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Now EB-5 visa is in danger of retrogression

Surge in Chinese applicants may mark historical first for visa.

By Deepak Chitnis

WASHINGTON, DC: For the first time ever, the US Department of State may introduce a retrogression on all EB-5 visa dates from China, creating the country’s first backlog in the 24-year history of the EB-5 visa program.

The announcement of such a drastic measure came in the State Department’s visa bulletin for this month, which states that China’s EB-5 cap for the entire year of 2014 is already dangerously close to being met. China’s EB-5 cap is approximately 10,000, and if the number is met prematurely, it will likely necessitate that priority dates are shifted back, thus creating a Chinese backlog for the first time since the program’s inception.

The EB-5, or Employment-Based preference 5th category, visa was created under the Immigration Act of 1990, and is given to individuals who come to the US and obtain a green card by investing a minimum of either $500,000 or $1 million, based on where they want to go and what their investment funds will go into.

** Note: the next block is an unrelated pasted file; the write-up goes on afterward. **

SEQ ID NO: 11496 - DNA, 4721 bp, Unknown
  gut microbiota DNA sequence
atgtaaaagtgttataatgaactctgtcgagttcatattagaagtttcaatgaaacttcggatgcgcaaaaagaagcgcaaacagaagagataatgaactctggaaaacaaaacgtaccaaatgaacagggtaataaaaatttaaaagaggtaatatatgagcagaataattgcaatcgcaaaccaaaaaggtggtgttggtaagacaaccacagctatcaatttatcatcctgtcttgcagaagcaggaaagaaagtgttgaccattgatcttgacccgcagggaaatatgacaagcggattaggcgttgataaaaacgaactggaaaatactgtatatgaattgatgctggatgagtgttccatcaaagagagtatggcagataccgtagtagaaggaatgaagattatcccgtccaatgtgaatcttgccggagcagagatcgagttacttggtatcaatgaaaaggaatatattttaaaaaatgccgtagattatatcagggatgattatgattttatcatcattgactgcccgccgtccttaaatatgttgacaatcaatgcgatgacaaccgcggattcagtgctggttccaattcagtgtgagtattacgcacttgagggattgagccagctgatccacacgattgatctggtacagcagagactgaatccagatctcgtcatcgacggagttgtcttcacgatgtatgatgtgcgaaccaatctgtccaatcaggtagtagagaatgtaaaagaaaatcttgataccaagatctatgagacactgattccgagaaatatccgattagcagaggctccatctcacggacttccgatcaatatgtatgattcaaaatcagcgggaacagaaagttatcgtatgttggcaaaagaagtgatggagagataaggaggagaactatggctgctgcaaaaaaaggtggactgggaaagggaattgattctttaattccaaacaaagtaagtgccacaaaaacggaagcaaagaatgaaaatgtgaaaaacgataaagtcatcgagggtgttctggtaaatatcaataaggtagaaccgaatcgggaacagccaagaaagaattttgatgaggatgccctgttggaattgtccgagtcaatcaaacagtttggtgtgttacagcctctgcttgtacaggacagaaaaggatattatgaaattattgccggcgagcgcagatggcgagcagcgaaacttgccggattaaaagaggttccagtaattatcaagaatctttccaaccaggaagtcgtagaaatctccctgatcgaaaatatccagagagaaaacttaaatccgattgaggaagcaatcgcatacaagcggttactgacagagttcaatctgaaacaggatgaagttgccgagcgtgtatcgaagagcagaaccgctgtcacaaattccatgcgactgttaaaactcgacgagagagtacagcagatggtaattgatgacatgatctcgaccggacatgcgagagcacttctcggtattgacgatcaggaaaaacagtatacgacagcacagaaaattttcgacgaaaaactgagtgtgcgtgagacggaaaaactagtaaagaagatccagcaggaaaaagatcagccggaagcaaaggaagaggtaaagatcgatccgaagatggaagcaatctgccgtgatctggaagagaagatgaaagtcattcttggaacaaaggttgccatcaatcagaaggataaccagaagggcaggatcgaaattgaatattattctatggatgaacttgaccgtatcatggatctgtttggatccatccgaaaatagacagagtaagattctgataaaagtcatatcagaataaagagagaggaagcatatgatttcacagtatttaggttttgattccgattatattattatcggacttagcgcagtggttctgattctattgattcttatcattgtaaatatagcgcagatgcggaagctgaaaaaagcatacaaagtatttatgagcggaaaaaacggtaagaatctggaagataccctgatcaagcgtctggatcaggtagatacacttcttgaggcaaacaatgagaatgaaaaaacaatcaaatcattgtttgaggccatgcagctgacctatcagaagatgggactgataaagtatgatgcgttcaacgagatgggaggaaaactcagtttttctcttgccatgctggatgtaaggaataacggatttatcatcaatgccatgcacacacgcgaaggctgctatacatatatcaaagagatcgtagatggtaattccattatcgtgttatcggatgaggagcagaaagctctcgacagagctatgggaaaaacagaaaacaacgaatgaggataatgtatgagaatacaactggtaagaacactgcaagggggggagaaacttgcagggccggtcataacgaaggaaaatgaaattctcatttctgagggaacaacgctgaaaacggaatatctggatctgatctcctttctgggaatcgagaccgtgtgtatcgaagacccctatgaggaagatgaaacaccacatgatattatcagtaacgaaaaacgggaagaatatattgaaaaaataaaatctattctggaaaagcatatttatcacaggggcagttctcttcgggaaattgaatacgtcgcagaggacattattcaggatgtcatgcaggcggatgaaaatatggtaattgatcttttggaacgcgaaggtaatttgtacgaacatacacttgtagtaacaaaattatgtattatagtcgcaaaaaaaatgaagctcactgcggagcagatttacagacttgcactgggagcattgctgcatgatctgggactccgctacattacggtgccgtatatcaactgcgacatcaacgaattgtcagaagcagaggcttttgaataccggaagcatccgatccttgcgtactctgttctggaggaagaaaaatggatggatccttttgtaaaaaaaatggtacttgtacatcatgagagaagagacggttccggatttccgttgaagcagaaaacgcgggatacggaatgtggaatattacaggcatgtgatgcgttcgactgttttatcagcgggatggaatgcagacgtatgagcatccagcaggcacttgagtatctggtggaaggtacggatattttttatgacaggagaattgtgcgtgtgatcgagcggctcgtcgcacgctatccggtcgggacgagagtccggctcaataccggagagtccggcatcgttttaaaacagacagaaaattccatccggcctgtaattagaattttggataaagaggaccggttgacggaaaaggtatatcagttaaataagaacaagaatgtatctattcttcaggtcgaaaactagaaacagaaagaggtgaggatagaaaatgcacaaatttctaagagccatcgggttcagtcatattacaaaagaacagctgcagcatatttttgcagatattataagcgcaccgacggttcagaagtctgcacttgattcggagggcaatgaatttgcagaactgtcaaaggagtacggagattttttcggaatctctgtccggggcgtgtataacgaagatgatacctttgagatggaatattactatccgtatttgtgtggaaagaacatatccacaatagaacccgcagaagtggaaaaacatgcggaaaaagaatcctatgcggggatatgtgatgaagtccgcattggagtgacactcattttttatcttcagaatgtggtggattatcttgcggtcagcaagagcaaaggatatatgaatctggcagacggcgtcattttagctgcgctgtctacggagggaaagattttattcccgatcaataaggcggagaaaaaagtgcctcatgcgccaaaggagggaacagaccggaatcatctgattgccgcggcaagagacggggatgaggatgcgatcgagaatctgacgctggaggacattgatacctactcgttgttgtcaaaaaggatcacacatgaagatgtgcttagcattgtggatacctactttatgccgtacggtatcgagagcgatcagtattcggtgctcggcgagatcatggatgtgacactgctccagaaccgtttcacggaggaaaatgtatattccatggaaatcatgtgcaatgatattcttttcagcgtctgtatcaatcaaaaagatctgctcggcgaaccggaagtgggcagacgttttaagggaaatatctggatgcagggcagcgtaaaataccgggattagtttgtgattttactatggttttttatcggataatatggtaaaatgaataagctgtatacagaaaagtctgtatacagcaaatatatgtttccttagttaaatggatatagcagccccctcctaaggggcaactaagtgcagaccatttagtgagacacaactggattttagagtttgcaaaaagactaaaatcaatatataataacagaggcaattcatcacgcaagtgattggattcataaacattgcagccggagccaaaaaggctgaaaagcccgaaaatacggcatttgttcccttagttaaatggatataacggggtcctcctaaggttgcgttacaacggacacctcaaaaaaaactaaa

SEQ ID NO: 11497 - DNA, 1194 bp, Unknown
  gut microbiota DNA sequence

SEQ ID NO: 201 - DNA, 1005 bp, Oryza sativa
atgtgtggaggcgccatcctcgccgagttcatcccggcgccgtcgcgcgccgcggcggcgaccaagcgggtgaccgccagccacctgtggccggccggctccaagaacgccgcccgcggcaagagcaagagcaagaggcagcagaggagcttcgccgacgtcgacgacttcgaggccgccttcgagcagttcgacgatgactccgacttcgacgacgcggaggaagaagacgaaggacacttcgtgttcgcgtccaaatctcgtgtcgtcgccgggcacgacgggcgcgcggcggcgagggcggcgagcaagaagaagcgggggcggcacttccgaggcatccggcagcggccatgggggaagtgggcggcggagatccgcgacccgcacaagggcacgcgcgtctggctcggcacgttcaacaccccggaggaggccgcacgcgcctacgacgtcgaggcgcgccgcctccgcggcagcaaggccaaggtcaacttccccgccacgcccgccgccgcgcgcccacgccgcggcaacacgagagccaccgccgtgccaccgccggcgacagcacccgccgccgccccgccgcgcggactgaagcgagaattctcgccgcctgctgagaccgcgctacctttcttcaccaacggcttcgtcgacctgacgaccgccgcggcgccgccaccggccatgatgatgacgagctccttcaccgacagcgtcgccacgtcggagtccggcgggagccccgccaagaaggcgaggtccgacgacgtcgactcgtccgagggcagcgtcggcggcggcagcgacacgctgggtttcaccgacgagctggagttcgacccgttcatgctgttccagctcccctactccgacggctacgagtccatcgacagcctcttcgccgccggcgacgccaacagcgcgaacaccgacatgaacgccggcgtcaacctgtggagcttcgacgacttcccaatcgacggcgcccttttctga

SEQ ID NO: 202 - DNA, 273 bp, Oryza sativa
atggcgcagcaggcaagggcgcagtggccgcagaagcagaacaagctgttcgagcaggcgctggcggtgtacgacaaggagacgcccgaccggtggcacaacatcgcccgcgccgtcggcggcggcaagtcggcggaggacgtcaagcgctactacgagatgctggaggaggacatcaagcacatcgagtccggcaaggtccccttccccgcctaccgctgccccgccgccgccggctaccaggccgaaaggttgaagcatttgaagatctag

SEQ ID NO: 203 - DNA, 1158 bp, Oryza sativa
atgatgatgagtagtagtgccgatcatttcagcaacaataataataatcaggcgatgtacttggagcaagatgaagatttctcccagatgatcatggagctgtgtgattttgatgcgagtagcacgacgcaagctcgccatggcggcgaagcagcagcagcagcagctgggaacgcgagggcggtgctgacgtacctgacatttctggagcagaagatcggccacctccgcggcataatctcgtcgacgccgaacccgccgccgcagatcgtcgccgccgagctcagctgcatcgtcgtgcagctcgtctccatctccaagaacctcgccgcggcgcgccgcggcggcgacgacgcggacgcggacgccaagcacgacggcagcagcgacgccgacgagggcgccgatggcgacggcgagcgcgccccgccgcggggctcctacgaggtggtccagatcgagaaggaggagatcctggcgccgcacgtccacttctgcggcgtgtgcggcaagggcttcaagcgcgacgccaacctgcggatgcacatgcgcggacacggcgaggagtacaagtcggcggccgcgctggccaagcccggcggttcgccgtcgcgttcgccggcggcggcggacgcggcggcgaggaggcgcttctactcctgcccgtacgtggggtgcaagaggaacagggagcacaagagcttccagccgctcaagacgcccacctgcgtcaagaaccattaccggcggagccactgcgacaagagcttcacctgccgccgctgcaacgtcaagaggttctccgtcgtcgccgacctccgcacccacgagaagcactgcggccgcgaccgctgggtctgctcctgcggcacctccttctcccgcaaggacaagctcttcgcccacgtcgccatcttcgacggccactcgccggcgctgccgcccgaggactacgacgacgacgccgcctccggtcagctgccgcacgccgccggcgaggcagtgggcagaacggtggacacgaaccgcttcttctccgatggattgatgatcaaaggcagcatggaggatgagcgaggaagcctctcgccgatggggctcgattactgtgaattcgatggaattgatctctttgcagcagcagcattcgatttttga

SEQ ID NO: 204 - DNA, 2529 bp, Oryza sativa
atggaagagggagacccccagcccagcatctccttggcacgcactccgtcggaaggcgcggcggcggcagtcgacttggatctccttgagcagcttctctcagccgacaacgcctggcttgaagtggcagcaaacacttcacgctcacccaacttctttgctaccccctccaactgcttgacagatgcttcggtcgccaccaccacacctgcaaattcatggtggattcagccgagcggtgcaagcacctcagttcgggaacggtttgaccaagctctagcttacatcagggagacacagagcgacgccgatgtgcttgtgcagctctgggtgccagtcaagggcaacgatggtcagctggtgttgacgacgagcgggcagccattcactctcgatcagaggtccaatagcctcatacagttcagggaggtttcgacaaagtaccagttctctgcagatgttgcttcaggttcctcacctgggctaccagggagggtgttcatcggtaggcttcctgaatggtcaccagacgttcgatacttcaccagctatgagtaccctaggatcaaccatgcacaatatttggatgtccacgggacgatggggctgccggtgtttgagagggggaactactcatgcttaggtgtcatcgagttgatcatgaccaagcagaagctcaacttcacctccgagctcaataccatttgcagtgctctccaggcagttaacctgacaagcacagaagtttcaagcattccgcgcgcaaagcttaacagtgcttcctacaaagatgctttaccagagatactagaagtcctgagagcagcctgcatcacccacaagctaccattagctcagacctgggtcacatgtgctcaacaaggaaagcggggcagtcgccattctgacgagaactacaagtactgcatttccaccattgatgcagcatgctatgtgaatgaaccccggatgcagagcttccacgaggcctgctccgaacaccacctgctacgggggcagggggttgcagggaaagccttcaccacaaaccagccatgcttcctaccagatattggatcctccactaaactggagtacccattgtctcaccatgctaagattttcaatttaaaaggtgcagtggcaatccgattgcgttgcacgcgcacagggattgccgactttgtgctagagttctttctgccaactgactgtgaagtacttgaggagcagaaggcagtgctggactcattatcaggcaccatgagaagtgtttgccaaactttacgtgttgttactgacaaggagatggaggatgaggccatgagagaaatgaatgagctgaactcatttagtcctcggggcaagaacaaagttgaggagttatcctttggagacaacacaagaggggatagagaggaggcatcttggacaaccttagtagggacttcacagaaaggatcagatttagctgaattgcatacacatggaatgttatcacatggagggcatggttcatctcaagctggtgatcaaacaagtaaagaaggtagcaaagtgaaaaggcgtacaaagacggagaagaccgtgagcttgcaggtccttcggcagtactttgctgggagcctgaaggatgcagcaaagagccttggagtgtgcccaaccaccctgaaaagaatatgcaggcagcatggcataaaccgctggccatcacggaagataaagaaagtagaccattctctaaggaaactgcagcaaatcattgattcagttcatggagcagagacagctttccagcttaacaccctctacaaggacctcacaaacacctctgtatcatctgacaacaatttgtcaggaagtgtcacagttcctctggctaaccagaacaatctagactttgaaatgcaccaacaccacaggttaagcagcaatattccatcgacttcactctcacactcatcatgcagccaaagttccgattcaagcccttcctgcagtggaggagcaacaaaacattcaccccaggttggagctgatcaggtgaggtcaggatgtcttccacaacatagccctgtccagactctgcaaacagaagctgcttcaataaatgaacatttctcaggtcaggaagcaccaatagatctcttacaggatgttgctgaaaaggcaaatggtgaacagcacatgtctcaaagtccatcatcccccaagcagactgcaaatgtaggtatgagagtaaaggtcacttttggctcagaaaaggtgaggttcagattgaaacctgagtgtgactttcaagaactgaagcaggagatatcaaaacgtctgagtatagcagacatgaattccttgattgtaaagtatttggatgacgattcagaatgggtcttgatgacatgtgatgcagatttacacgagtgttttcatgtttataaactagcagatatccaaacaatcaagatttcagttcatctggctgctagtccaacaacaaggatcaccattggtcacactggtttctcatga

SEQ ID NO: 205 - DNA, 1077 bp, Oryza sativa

Investors from the Chinese mainland constitute a whopping 80% of all EB-5 applicants to the US, which explains the dire situation that the annual cap and priority dates find themselves in. In the case of EB-5 visas, an applicant’s priority date is the same exact date that the US Citizenship and Immigration Services (USCIS) receives an individual’s I-526 petition firm, which is the essential documentation needed to apply for an EB-5 visa.

It’s important to note, however, that a shift in priority dates has not yet occurred; there merely exists the possibility that such action could be taken. But all signs point to it being a matter of “when,” not “if,” and it looks like this will most likely be taking place in the late summer, possibly as soon as August or September.

If and when retrogression of Chinese EB-5 visa dates does take place, the Department of State and USCIS will come out with provisions and guidance for affected applicants to follow, but such a notice has not yet come from either bureau.